297 Miles of Shoreline Protected in Laguna San Ignacio and the Vizcaino Peninsula
WiLDCOAST and Mexico’s National Commission for Protected Natural Areas Continues Partnership to Protect Critical Shoreline on the Baja California Peninsula
Since 2008, WiLDOCAST has been working with Mexico’s National Commission for Natural Protected Areas (CONANP) to add strategic conservation layers to existing protected areas on the Baja California Peninsula. What many do not know is that much of the peninsula is designated for conservation. The Valle de los Cirios Area of Protected Flora and Fauna and the Vizcaino Biosphere Reserve together create over twelve million acres of protected land from El Rosario in the north to the southern reaches of Laguna San Ignacio.
Unfortunately, shoreline in front of these areas is not protected. In Mexico, the first 20 meters of coastline above the high tide line is referred as the Federal Maritime Terrestrial Zone, or ZOFEMAT, to which concessions can be obtained for development and resource extraction even adjacent to federally protected areas. WiLDCOAST is working with CONANP to obtain conservation concessions, or acuerdos de destino, to key stretches of ZOFEMAT adjacent to protected areas.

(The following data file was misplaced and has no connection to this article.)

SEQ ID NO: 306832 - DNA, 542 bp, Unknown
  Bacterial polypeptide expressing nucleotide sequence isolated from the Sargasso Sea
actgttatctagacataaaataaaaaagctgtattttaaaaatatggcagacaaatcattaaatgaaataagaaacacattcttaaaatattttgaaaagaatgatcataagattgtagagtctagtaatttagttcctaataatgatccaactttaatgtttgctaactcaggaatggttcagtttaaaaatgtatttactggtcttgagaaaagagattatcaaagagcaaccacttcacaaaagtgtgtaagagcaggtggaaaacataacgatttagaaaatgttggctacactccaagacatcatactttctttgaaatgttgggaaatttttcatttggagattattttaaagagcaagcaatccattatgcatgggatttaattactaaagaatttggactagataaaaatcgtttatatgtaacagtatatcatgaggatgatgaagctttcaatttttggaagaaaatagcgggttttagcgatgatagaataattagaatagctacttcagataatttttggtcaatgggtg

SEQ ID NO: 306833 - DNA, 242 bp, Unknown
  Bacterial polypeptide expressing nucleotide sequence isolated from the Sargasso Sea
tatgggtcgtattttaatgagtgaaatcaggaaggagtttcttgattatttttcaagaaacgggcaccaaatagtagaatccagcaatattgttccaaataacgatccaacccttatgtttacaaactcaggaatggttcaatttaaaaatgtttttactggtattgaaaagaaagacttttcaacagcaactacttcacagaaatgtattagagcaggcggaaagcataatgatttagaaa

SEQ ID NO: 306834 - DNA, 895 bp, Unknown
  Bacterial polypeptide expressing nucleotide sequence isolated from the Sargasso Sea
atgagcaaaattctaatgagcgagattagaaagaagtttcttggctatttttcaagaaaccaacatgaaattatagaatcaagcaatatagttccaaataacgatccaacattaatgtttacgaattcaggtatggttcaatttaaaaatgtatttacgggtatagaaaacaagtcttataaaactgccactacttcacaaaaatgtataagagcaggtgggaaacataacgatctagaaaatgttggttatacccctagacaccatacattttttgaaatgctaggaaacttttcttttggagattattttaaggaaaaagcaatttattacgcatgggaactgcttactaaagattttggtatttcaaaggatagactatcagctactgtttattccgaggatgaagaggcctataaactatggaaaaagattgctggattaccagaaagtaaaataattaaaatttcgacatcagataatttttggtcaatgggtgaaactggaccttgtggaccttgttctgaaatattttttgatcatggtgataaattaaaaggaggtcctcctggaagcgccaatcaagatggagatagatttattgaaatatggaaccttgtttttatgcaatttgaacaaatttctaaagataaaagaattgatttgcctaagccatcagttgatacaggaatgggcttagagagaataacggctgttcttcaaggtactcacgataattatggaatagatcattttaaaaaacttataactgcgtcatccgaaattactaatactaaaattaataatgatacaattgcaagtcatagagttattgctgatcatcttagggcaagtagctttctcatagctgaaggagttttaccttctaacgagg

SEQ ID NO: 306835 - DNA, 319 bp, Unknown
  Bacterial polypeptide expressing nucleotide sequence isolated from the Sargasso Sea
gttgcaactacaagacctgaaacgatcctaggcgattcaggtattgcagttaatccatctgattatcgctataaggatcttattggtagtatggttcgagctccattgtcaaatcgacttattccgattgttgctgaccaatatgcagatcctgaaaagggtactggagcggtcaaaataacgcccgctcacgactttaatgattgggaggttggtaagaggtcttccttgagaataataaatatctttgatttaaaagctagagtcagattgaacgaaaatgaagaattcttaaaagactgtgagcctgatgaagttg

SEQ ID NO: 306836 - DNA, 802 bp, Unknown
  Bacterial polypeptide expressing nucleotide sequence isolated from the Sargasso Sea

This effort has to date resulted in the conservation of 297 miles of shoreline on the Baja California Peninsula and the Sea of Cortez. Included in this area is shoreline that was planned for ESSA’s salt extraction project on the northern shore of Laguna San Ignacio, one of the world’s last undisturbed grey whale breeding grounds. Other areas that have been protected through this effort include Sea of Cortez shoreline in Sinaloa and coastline on the Vizcaino Peninsula between Bahia Asuncion and Punta Abreojos.
WiLDCOAST and CONANP have submitted acuerdos de destino applications for an additional 161 miles representing shoreline in Bahia de Loreto, Bahia Magdalena, Cabo Pulmo and remaining areas in Laguna San Ignacio and the Vizcaino Peninsula. In 2013, WiLDCOAST will monitor the approval process for these applications and complete field work and submit applications for acuerdos de destino representing 618 miles throughout the peninsula and the Sea of Cortez.